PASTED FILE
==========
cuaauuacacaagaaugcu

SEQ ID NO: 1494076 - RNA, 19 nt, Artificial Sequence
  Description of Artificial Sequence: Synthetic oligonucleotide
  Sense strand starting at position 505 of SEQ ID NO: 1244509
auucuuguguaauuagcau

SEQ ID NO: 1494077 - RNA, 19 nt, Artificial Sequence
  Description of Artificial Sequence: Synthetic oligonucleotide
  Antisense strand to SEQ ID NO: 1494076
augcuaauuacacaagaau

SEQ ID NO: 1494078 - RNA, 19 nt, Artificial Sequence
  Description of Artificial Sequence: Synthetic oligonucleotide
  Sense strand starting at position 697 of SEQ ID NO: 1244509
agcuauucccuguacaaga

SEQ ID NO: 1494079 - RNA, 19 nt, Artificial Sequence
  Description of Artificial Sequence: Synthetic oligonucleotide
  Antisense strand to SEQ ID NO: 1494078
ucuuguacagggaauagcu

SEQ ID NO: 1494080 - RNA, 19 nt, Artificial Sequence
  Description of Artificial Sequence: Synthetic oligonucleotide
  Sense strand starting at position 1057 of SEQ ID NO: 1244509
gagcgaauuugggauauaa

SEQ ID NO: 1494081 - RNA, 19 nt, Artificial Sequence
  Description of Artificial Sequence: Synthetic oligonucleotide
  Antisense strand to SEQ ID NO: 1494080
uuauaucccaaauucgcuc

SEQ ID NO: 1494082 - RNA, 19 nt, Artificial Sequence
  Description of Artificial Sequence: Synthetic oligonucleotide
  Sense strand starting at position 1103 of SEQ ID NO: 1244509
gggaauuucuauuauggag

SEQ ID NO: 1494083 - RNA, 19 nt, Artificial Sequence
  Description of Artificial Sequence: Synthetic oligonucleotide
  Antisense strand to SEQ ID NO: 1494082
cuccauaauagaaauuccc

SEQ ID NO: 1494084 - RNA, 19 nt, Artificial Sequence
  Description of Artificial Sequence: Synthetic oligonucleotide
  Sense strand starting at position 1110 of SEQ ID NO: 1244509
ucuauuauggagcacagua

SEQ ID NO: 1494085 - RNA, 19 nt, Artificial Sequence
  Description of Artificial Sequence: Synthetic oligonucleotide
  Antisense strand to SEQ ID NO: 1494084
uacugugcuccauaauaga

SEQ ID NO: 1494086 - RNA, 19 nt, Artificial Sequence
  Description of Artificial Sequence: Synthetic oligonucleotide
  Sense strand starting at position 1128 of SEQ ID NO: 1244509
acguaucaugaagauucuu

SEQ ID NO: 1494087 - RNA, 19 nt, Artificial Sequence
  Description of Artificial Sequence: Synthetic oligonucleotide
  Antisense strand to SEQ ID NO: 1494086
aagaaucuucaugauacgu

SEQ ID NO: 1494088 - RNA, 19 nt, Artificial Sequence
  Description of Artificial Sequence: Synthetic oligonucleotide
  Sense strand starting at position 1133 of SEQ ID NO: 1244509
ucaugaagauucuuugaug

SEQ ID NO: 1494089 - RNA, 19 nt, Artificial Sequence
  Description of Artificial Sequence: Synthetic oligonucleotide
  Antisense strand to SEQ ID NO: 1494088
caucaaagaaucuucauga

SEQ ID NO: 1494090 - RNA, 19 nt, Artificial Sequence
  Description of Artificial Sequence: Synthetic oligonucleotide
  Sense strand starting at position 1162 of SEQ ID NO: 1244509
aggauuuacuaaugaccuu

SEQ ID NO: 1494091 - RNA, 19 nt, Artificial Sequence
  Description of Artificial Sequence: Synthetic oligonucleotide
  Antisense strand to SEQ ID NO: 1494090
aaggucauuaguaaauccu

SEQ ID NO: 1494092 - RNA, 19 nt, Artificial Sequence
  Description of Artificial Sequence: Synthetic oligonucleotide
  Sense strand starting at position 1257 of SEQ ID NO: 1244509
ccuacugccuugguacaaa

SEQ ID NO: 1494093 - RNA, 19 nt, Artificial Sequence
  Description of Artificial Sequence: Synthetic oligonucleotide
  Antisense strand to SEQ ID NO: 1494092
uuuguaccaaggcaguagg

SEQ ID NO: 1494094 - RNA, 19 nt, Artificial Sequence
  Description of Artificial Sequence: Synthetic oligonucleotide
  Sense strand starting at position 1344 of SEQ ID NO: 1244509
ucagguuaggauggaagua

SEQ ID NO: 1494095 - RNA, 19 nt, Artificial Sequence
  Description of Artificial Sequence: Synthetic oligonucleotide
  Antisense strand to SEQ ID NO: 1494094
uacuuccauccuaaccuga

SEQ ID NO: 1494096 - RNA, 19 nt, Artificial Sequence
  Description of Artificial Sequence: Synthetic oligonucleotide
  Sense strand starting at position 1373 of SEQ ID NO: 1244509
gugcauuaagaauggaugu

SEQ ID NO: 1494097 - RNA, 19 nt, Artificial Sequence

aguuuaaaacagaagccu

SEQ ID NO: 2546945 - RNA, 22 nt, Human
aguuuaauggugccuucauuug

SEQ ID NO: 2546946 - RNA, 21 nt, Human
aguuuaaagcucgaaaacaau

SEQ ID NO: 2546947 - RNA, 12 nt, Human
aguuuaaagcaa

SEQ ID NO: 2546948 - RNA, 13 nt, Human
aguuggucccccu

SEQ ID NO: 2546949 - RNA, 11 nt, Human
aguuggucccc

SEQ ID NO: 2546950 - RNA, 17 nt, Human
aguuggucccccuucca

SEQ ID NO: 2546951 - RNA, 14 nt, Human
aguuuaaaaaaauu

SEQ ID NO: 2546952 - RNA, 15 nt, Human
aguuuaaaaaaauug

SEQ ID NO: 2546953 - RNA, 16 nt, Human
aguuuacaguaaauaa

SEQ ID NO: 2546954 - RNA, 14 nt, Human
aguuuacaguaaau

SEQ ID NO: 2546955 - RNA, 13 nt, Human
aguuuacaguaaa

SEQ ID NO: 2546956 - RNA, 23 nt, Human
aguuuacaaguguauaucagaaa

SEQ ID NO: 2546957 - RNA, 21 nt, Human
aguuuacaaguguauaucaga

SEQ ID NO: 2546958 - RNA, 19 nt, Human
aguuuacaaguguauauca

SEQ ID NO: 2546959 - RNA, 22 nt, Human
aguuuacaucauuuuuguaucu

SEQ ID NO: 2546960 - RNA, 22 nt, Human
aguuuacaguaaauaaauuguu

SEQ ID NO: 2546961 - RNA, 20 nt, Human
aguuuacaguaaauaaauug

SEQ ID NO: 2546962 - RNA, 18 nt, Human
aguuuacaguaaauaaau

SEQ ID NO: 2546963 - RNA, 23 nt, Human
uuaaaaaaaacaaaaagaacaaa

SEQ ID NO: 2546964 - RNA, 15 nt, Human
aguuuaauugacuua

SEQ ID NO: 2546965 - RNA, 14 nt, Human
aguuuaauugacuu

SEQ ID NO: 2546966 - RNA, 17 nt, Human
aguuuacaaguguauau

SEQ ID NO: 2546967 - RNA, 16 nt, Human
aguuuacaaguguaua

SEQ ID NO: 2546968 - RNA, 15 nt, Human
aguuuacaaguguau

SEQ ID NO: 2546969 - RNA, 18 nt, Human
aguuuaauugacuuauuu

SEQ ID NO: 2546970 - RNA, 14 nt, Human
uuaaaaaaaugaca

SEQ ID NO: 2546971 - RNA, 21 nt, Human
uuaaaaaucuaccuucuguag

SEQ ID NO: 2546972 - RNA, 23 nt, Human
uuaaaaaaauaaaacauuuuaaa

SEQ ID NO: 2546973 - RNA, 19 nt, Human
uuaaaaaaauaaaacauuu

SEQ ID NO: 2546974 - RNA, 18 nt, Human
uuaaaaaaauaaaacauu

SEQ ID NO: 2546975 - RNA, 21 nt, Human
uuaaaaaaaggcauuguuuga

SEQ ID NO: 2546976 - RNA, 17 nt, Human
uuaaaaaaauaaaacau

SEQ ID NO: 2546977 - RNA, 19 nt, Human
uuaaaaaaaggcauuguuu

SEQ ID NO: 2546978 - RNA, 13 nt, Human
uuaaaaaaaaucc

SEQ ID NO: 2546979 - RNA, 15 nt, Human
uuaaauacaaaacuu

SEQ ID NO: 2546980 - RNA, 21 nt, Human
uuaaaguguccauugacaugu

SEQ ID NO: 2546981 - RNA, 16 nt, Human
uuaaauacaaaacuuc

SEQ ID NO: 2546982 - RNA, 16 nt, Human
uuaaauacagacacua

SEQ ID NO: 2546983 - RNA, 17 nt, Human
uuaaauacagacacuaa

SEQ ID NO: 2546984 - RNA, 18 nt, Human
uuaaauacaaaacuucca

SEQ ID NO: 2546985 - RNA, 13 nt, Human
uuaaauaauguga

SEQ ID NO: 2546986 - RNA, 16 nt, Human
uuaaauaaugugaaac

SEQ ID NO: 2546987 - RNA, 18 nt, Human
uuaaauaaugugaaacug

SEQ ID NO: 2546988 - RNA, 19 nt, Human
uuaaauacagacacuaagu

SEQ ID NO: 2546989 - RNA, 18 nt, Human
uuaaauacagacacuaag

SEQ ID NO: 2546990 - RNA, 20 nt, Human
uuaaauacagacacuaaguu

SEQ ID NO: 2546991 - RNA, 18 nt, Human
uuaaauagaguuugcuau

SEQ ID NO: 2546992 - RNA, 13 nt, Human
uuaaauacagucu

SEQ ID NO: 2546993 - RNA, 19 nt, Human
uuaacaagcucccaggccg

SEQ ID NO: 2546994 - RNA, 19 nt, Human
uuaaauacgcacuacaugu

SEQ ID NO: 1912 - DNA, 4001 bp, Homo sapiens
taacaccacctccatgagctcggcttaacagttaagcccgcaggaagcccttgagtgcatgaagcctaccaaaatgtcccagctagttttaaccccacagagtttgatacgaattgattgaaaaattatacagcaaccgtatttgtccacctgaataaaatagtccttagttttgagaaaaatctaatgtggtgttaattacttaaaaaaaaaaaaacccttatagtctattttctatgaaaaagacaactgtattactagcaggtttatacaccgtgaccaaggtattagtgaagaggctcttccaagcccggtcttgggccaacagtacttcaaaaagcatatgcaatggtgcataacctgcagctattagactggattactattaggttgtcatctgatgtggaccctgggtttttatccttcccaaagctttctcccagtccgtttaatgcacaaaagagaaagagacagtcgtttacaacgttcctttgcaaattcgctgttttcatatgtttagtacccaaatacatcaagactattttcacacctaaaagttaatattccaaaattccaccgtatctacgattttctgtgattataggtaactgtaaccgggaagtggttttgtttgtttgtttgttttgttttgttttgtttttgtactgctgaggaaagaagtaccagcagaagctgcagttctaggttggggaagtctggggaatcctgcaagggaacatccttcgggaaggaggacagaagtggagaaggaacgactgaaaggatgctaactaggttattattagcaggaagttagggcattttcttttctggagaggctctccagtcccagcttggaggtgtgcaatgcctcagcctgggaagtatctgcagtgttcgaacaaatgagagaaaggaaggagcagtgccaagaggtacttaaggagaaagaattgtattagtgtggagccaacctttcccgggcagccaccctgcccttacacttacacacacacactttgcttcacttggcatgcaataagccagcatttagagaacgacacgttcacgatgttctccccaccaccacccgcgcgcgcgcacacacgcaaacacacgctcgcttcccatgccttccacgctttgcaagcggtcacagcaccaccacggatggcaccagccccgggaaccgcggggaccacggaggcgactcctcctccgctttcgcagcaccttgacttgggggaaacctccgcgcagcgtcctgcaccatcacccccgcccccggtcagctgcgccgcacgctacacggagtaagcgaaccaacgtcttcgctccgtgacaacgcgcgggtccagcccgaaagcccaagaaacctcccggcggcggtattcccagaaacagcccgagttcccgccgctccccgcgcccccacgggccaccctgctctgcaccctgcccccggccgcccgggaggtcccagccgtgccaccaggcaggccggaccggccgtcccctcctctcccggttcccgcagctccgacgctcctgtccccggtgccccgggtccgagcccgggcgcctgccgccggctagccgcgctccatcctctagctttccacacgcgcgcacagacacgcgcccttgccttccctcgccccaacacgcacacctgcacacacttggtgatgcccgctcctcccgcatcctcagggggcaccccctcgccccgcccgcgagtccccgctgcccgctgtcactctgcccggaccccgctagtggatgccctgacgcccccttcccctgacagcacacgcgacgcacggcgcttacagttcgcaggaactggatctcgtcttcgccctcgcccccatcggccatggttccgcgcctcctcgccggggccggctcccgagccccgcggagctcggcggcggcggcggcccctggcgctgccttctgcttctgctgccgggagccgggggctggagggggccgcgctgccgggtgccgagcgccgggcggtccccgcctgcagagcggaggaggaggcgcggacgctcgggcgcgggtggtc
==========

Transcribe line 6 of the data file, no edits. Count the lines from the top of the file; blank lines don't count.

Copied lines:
SEQ ID NO: 1494077 - RNA, 19 nt, Artificial Sequence